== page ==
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Continuing the Process: Cover

This week, for those just coming to the site, marks my first anniversary as a writer. In July 2012, my novel Azure Maris was accepted for publication. This week, I'll return to some of the steps that I went through on my way to publication.

After accepting the manuscript, the next step involved the cover and editing process. I'll focus today on the cover then tomorrow on the editing. I've had several people ask me who did the cover art, and I have to direct them to the wonderful team at Ambassador International that took care of the work. The only part that I had in the design involved the layout. They sent me three layout concepts from which I chose the one that best suited Azure Maris then they took it from there. I gave a few pointers such as Azure's blue hair and her tail's texture, but the design was theirs. I think they did very well.

The stage for the cover coincided with the editing process, but took less time since I had little to do other than approve the galleys - the photos/images for the book cover. I'd like to think that we don't judge books by their covers, but I know it isn't true. I'm thankful that I had someone else designing the cover - I've done it, and I don't do it well.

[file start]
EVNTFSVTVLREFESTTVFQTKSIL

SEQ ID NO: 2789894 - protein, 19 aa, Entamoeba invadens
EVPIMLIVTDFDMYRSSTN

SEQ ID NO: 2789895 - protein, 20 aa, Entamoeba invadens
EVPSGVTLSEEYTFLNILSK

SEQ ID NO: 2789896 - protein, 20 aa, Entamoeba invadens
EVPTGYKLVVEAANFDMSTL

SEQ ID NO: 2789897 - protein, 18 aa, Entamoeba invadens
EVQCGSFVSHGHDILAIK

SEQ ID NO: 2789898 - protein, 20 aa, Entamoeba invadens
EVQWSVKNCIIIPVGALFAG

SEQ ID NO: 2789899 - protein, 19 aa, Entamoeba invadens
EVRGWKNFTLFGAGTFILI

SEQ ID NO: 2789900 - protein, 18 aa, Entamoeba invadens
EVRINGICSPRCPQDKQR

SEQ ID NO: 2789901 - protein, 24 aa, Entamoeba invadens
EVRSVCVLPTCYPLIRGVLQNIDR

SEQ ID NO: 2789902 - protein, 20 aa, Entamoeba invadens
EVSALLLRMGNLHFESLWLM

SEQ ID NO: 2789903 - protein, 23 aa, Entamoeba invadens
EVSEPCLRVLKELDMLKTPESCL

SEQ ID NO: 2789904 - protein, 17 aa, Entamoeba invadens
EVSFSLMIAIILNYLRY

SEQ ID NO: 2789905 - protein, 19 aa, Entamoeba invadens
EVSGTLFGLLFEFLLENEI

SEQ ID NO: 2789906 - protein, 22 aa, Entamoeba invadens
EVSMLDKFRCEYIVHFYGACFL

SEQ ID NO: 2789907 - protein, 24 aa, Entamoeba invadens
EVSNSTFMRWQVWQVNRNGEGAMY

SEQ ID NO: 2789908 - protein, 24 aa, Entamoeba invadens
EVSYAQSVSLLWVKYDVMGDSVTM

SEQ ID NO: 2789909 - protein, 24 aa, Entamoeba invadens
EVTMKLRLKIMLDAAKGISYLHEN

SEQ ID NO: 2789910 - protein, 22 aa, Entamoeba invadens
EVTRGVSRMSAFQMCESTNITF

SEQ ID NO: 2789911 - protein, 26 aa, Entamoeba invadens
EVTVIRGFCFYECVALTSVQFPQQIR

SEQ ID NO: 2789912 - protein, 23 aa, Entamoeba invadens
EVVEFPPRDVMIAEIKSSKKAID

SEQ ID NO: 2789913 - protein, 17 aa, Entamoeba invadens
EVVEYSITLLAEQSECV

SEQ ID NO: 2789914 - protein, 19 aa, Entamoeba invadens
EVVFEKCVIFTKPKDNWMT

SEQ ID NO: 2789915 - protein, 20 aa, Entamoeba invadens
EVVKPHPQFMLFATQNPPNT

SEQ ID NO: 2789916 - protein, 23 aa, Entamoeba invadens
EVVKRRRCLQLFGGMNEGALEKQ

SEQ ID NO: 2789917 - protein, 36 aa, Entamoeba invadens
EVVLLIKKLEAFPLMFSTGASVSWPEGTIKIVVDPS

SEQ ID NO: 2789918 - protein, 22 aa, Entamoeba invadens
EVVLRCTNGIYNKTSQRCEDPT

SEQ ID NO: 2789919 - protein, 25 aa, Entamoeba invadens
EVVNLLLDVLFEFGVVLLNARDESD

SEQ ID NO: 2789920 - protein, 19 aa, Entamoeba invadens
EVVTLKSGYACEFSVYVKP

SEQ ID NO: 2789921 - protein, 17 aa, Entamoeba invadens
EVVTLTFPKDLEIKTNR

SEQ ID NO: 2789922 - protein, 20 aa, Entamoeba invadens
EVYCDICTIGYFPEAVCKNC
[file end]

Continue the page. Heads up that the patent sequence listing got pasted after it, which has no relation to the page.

The other portions for my involvement included the back copy and author's biography. The biography for Azure Lights is considerably shorter, and we're currently working on the editing stage. Creating a synopsis of Azure Maris proved to be interesting since I needed to catch the reader's attention as well as effectively describe the storyline. For many of my fantasy novels, I have back story that needs to be told to set-up the story, but cannot be put into the back cover. I have found that balancing the story with the hook are some of my hardest parts.

As part of the process for developing the cover and artwork, I was required to write out some themes with the book: three main themes and five secondary themes. While these are used for other elements as well, it directs the art team to the mood of the book. As you can see with Azure Maris, the cover is dark, and uncertainty fills the character. This overall feeling of apprehension suits the book since Azure is out of her world, and in a location that is uncomfortable for her.

The cover of a book tells the reader a great deal about the book's subject and mood. A dark, minimal cover conveys mystery and uncertainty while a bright, colorful cover implies a light novel. We judge books by their covers because the covers hint at the topic of the book. If you're writing, remember that the cover is a major portion of the package; an effective cover intrigues the reader into picking up the book.


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